* Working time
50 min/hr, Job efficiency = 0.83 for IC 0.70 clay and sand
40 min/hr, job efficiency = 0.67 for 0.50 < IC < 0.70 clay
* Haul distance = 2 km
* Average velocity = maximum haul and return velocity * 0.8

Identification Horsepower Empty Capacity Gross weight Heaped Loading height


number weight weight (ton) capacity (m)
(ton) (ton) (m3)
T1 190 20 20 40 10.0 2.55
T2 220 20 25 45 13.7 2.70
T3 280 20 30 50 16.5 2.85
T4 335 25 35 55 20.5 2.93
114 Very soft organic clay applied for road embankment

For IC 0.70 clay


Id. Haul Return Total round-trip time (hr) Production rate (l m3/hr)
num. speed speed Loader Loader Loader Loader Loader Loader Loader Loader
(km/hr) (km/hr) 70 hp 95 hp 160 hp 215 hp 70 hp 95 hp 160 hp 215 hp

T1 16.33 29.69 0.30 0.27 0.25 0.24 27 31 34 35


T2 16.81 34.38 0.34 0.30 0.26 0.25 33 39 44 46
T3 19.25 43.75 0.36 0.30 0.26 0.25 38 46 53 56
T4 19.19 41.88 0.41 0.34 0.29 0.27 42 50 59 63

For sand
Id. Haul Return Total round-trip time (hr) Production rate (l m3/hr)
num. speed speed Loader Loader Loader Loader Loader Loader Loader Loader
(km/hr) (km/hr) 70 hp 95 hp 160 hp 215 hp 70 hp 95 hp 160 hp 215 hp

T1 16.33 29.69 0.30 0.27 0.24 0.23 28 31 34 35


T2 16.81 34.38 0.33 0.29 0.26 0.25 34 39 44 46
T3 19.25 43.75 0.34 0.29 0.26 0.25 40 47 54 57
T4 19.19 41.88 0.40 0.33 0.29 0.27 43 51 60 64

For 0.50 < IC < 0.70 clay


Id. Haul Return Total round-trip time (hr) Production rate (l m3/hr)
num. speed speed Loader Loader Loader Loader Loader Loader Loader Loader
(km/hr) (km/hr) 70 hp 95 hp 160 hp 215 hp 70 hp 95 hp 160 hp 215 hp

T1 16.33 29.69 0.37 0.31 0.27 0.25 18 21 25 27


T2 16.81 34.38 0.43 0.35 0.29 0.27 21 26 32 34
T3 19.25 43.75 0.46 0.37 0.29 0.27 24 30 38 41
T4 19.19 41.88 0.54 0.42 0.33 0.30 25 32 41 46

A.5 Compactor

Production rate = ((drum width * average speed * compacted lift thickness) / number of
passes) * 1.59
- Average speed = 2 km/hr
- Compacted lift thickness = 150 mm
- Number of passes = 4

Identification number Horsepower Drum width Production rate


(m) (l m3/hr)
C1 77 1.22 120
C2 107 1.68 164
C3 145 2.13 207
Appendix B - Owning and operating costs 115

APPENDIX B - OWNING AND OPERATING


COSTS
B.1 Bulldozer

Equipment cost
Ownership period 7 years
Rest value 5% of standard value
Usage 32 week/year
Depreciation + interest = 17.92% of standard value per year, 0.56% per week
Maintenance + repair:
* dry condition = 14.08% of standard value per year, 0.44% per week
* wet condition = 28.80% of standard value per year, 0.90% per week

Fuel cost
Fuel consumption 0.04 gal per fwhp-hr = 0.04*3.785 = 0.1514 litre per fwhp-hr
Fuel consumed = operating factor * hp * 0.1514
= engine factor * job efficiency * hp * 0.1514
where engine factor = 0.65
working time = 50 min/hr, job efficiency = 0.83 for dry condition
.. = 40 min/hr, job efficiency = 0.67 for wet condition

Diesel fuel price = 0.8 /litre

Identification Horsepower Standard Equipment cost Fuel cost Total


number value (/hr) (/hr) (/hr)
() Dry Wet Dry Wet Dry Wet
B1 95 102,300 26 37 6.23 5.00 32.23 42.00
B2 135 118,200 30 43 8.86 7.10 38.86 50.10
B3 180 150,000 38 55 11.81 9.45 49.81 64.45
B4 200 227,300 57 83 13.12 10.50 70.12 93.50
B5 280 354,600 89 129 18.37 14.70 107.37 143.70

B.2 Loader

Equipment cost
Ownership period 7 years
Rest value 5% of standard value
Usage 32 week/year
Depreciation + interest = 17.92% of standard value per year, 0.56% per week
Maintenance + repair = 16.96% of standard value per year, 0.53% per week
116 Very soft organic clay applied for road embankment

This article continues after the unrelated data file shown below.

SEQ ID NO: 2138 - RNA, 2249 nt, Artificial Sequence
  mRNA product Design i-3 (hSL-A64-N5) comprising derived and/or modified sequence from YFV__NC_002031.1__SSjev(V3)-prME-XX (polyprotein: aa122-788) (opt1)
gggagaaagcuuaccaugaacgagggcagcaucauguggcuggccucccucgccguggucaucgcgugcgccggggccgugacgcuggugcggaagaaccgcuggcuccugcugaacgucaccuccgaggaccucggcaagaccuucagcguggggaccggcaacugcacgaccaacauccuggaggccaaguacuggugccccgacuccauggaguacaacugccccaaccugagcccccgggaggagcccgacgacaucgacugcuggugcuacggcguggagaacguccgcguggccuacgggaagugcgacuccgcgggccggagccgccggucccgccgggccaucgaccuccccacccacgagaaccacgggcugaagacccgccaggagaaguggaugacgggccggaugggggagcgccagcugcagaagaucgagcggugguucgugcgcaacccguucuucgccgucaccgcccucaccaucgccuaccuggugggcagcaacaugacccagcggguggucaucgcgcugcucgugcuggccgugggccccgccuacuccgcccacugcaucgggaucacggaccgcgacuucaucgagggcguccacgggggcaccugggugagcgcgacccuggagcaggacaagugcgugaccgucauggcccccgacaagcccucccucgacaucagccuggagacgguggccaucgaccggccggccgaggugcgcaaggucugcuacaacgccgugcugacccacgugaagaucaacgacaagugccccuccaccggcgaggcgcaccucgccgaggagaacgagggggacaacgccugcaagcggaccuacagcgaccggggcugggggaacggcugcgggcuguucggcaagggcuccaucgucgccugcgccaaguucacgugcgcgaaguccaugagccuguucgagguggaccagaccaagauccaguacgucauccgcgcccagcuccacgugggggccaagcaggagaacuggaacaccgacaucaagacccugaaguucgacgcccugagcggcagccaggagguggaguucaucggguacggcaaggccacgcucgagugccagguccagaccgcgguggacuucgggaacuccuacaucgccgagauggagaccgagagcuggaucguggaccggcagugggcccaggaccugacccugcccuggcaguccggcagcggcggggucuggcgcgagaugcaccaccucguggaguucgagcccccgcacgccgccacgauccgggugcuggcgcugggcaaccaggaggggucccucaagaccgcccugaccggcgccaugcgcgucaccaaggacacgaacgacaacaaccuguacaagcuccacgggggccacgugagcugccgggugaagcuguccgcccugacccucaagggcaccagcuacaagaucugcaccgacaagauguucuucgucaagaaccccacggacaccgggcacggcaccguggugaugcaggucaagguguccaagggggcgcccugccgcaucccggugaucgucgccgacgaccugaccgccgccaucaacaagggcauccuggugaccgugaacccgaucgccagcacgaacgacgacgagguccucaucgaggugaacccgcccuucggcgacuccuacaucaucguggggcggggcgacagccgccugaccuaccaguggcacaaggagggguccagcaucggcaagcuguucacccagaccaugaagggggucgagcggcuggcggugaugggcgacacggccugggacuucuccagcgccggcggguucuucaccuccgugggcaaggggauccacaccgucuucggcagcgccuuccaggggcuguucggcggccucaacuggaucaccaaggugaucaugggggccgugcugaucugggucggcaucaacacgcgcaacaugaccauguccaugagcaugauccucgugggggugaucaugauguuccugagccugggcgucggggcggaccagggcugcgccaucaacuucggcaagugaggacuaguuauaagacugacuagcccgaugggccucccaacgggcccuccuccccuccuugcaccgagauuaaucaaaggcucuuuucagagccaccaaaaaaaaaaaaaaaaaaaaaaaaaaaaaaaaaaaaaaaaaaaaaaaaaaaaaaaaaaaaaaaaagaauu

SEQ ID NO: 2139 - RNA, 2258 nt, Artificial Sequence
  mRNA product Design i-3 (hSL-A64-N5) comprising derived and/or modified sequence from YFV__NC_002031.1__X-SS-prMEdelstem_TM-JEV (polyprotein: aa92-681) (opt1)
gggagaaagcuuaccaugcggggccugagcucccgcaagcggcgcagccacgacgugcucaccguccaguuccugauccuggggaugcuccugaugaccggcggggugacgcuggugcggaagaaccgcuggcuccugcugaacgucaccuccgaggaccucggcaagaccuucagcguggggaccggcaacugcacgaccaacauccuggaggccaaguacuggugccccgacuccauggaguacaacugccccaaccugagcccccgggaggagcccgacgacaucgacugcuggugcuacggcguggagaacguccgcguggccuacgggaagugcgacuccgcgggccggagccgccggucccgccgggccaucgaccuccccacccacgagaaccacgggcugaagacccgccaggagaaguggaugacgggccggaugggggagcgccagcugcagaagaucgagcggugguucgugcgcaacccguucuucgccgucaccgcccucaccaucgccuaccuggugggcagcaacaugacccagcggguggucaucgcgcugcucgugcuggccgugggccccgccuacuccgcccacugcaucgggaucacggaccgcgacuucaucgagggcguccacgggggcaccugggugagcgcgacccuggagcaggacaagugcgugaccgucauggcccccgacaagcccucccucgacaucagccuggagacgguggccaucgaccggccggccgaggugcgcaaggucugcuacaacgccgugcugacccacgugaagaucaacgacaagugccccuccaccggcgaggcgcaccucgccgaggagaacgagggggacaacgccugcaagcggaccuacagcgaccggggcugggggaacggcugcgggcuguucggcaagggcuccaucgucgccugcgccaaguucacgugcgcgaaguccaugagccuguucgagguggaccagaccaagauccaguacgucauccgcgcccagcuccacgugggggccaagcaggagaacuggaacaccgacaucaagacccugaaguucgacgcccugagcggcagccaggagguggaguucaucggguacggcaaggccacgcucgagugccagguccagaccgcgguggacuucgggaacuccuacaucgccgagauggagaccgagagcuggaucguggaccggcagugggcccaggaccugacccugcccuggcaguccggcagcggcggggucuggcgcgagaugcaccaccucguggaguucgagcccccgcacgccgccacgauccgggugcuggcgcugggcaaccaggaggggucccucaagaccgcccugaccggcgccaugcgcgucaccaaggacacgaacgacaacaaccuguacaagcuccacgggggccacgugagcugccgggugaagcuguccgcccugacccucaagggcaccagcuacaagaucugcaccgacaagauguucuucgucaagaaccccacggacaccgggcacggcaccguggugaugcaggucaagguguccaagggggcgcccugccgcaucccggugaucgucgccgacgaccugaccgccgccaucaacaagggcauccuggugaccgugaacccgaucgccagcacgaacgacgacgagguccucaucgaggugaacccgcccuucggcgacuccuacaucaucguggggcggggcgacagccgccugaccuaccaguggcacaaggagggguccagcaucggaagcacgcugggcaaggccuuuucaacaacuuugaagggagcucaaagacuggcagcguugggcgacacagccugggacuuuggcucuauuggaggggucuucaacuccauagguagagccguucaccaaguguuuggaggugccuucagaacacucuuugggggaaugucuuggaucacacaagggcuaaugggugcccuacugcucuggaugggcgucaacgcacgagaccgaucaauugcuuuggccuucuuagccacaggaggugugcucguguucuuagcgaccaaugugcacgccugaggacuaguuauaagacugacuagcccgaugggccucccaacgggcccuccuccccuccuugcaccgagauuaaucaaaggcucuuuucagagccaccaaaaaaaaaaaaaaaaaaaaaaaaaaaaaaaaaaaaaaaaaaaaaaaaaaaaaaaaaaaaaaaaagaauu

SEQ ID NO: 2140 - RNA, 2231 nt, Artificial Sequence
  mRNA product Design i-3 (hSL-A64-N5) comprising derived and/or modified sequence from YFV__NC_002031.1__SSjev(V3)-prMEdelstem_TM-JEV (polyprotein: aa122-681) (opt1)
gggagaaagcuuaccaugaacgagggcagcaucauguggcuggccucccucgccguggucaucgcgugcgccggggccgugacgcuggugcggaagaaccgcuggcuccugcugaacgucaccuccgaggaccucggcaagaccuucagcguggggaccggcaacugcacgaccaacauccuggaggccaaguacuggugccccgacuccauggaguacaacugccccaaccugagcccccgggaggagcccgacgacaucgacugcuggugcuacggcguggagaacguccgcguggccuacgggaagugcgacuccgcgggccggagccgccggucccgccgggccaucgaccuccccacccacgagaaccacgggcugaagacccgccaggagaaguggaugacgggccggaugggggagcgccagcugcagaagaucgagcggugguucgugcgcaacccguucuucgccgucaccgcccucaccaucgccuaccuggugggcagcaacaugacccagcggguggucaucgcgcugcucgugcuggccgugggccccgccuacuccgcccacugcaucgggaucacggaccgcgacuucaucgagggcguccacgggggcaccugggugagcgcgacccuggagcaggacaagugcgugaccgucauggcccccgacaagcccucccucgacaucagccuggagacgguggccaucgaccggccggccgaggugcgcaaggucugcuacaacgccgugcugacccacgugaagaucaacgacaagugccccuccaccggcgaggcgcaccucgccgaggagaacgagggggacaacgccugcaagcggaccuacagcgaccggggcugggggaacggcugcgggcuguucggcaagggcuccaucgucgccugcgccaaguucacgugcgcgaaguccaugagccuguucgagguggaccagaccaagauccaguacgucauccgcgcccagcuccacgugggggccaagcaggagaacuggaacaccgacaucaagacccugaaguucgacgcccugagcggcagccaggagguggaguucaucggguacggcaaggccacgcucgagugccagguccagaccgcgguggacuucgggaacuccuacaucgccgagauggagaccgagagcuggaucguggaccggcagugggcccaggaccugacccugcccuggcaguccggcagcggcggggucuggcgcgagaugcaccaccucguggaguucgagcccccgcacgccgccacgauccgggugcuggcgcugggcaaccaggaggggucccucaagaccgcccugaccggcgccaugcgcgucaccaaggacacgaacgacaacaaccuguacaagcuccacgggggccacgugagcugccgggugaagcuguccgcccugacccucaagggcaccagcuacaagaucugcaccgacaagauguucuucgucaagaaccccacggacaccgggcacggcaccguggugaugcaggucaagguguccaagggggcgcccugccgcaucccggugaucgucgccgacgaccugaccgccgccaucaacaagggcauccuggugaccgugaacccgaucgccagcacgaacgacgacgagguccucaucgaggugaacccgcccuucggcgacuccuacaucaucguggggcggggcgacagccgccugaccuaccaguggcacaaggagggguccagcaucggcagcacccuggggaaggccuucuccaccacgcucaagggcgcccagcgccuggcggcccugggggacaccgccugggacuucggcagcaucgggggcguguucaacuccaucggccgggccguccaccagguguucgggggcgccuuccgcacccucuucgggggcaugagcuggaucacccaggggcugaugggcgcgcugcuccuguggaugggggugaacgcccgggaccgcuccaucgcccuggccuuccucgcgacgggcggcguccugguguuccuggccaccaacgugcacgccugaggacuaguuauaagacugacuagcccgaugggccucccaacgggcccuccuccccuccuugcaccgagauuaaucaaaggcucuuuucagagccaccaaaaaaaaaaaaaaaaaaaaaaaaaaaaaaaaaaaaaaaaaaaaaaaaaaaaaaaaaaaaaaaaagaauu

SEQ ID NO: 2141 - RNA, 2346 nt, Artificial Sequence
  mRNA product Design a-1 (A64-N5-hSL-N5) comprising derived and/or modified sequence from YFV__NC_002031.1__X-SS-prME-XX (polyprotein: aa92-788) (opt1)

Fuel cost
Fuel consumption 0.04 gal per fwhp-hr = 0.04*3.785 = 0.1514 litre per fwhp-hr
Fuel consumed = operating factor * hp * 0.1514
= engine factor * job efficiency * hp * 0.1514
where - engine factor = 0.65
- working time:
- 50 min/hr, job efficiency = 0.83 for IC 0.7 clay and sand
- 40 min/hr, job efficiency = 0.67 for 0.5 < IC < 0.7 clay

Diesel fuel price = 0.8 /litre

For IC 0.7 clay and sand


Identification Bucket Horsepower Standard Equipment Fuel cost Total
Number capacity value cost (/hr) ( /hr)
(litre) () (/hr)
WL1 1000 70 57,000 15.5 4.59 20.09
WL2 1500 95 82,000 22.5 6.23 28.73
WL3 2500 160 102,500 28.0 10.50 38.50
WL4 3500 215 148,000 40.5 14.11 54.61

For 0.5 < IC < 0.7 clay


Identification Bucket Horsepower Standard Equipment Fuel cost Total
Number capacity value cost (/hr) ( /hr)
(litre) () (/hr)
TL1 1000 70 57,000 15.5 3.67 19.17
TL2 1500 95 82,000 22.5 4.99 27.49
TL3 2500 160 102,500 28.0 8.40 36.40
TL4 3500 215 148,000 40.5 11.28 51.78

B.3 Hydraulic hoe

Equipment cost
Ownership period 7 years
Rest value 5% of standard value
Usage 32 week/year, 40 hr/week
Depreciation + interest = 17.92% of standard value per year, 0.56% per week
Maintenance + repair = 10.24% of standard value per year, 0.32% per week

Fuel cost
Fuel consumption 0.04 gal per fwhp-hr = 0.04*3.785 = 0.1514 litre per fwhp-hr
Fuel consumed = operating factor * hp * 0.1514
= engine factor * job efficiency * hp * 0.1514
where - engine factor = 0.65
- working time = 50 min/hr, job efficiency = 0.83

Diesel fuel price = 0.8 /litre


Appendix B - Owning and operating costs 117

Identification Bucket Horsepower Standard Equipment Fuel cost Total


number capacity value cost (/hr) ( /hr)
(m3) () (/hr)
H1 0.45 79 75,000 16.5 5.18 21.68
H2 0.52 99 86,000 19.0 6.50 25.50
H3 0.68 99 100,000 22.0 6.50 28.50
H4 0.80 128 120,000 26.0 8.40 34.40
H5 1.00 153 136,000 30.0 10.04 40.04
H6 1.10 168 160,000 35.0 11.02 46.02
H7 1.40 222 182,000 40.0 14.56 54.56
H8 1.91 286 218,000 48.0 18.76 66.76

B.4 Truck

Equipment cost
Ownership period 7 years
Rest value 5% of standard value
Usage 32 week/year
Depreciation + interest = 17.92% of standard value per year, 0.56% per week
Maintenance + repair = 15.04% of standard value per year, 0.47% per week

Fuel cost
Fuel consumption 0.04 gal per fwhp-hr = 0.04*3.785 = 0.1514 litre per fwhp-hr
Fuel consumed = operating factor * hp * 0.1514